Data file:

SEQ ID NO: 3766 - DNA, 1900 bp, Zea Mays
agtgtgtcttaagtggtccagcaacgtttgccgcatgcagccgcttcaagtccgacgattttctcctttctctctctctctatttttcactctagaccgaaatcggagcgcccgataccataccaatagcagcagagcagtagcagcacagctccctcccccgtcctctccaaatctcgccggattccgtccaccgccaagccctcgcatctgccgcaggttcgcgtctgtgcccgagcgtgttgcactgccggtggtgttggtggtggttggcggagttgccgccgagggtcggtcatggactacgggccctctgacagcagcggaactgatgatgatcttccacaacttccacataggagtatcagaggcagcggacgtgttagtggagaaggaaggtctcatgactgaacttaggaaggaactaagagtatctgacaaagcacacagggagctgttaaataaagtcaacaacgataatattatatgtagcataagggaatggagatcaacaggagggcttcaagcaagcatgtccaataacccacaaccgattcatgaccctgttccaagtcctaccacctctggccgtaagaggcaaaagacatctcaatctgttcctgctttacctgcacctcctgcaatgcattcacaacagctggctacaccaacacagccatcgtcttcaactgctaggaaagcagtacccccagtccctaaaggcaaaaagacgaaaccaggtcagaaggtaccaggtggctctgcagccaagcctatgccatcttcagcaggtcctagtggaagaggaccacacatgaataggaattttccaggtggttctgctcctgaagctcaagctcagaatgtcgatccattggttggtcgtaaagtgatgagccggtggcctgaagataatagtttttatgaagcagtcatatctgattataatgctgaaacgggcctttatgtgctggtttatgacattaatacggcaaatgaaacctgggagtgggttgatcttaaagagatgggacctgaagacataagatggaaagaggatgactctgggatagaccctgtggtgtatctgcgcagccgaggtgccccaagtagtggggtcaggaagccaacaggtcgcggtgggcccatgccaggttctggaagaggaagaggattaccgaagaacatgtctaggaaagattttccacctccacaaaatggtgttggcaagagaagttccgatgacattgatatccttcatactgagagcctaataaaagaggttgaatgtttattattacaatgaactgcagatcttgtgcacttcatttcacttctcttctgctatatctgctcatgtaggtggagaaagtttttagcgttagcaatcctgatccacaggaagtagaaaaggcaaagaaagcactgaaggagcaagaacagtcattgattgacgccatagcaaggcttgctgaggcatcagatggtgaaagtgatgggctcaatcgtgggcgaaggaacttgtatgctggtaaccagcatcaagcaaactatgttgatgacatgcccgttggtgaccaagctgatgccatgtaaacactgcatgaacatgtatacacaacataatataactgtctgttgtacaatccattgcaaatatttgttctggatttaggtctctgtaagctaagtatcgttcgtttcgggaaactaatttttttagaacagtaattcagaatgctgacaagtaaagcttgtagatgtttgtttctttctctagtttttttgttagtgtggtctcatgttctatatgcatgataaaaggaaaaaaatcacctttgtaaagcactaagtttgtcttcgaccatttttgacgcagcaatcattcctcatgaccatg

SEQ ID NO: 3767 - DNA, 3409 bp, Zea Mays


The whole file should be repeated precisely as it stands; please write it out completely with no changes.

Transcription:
SEQ ID NO: 3766 - DNA, 1900 bp, Zea Mays
agtgtgtcttaagtggtccagcaacgtttgccgcatgcagccgcttcaagtccgacgattttctcctttctctctctctctatttttcactctagaccgaaatcggagcgcccgataccataccaatagcagcagagcagtagcagcacagctccctcccccgtcctctccaaatctcgccggattccgtccaccgccaagccctcgcatctgccgcaggttcgcgtctgtgcccgagcgtgttgcactgccggtggtgttggtggtggttggcggagttgccgccgagggtcggtcatggactacgggccctctgacagcagcggaactgatgatgatcttccacaacttccacataggagtatcagaggcagcggacgtgttagtggagaaggaaggtctcatgactgaacttaggaaggaactaagagtatctgacaaagcacacagggagctgttaaataaagtcaacaacgataatattatatgtagcataagggaatggagatcaacaggagggcttcaagcaagcatgtccaataacccacaaccgattcatgaccctgttccaagtcctaccacctctggccgtaagaggcaaaagacatctcaatctgttcctgctttacctgcacctcctgcaatgcattcacaacagctggctacaccaacacagccatcgtcttcaactgctaggaaagcagtacccccagtccctaaaggcaaaaagacgaaaccaggtcagaaggtaccaggtggctctgcagccaagcctatgccatcttcagcaggtcctagtggaagaggaccacacatgaataggaattttccaggtggttctgctcctgaagctcaagctcagaatgtcgatccattggttggtcgtaaagtgatgagccggtggcctgaagataatagtttttatgaagcagtcatatctgattataatgctgaaacgggcctttatgtgctggtttatgacattaatacggcaaatgaaacctgggagtgggttgatcttaaagagatgggacctgaagacataagatggaaagaggatgactctgggatagaccctgtggtgtatctgcgcagccgaggtgccccaagtagtggggtcaggaagccaacaggtcgcggtgggcccatgccaggttctggaagaggaagaggattaccgaagaacatgtctaggaaagattttccacctccacaaaatggtgttggcaagagaagttccgatgacattgatatccttcatactgagagcctaataaaagaggttgaatgtttattattacaatgaactgcagatcttgtgcacttcatttcacttctcttctgctatatctgctcatgtaggtggagaaagtttttagcgttagcaatcctgatccacaggaagtagaaaaggcaaagaaagcactgaaggagcaagaacagtcattgattgacgccatagcaaggcttgctgaggcatcagatggtgaaagtgatgggctcaatcgtgggcgaaggaacttgtatgctggtaaccagcatcaagcaaactatgttgatgacatgcccgttggtgaccaagctgatgccatgtaaacactgcatgaacatgtatacacaacataatataactgtctgttgtacaatccattgcaaatatttgttctggatttaggtctctgtaagctaagtatcgttcgtttcgggaaactaatttttttagaacagtaattcagaatgctgacaagtaaagcttgtagatgtttgtttctttctctagtttttttgttagtgtggtctcatgttctatatgcatgataaaaggaaaaaaatcacctttgtaaagcactaagtttgtcttcgaccatttttgacgcagcaatcattcctcatgaccatg

SEQ ID NO: 3767 - DNA, 3409 bp, Zea Mays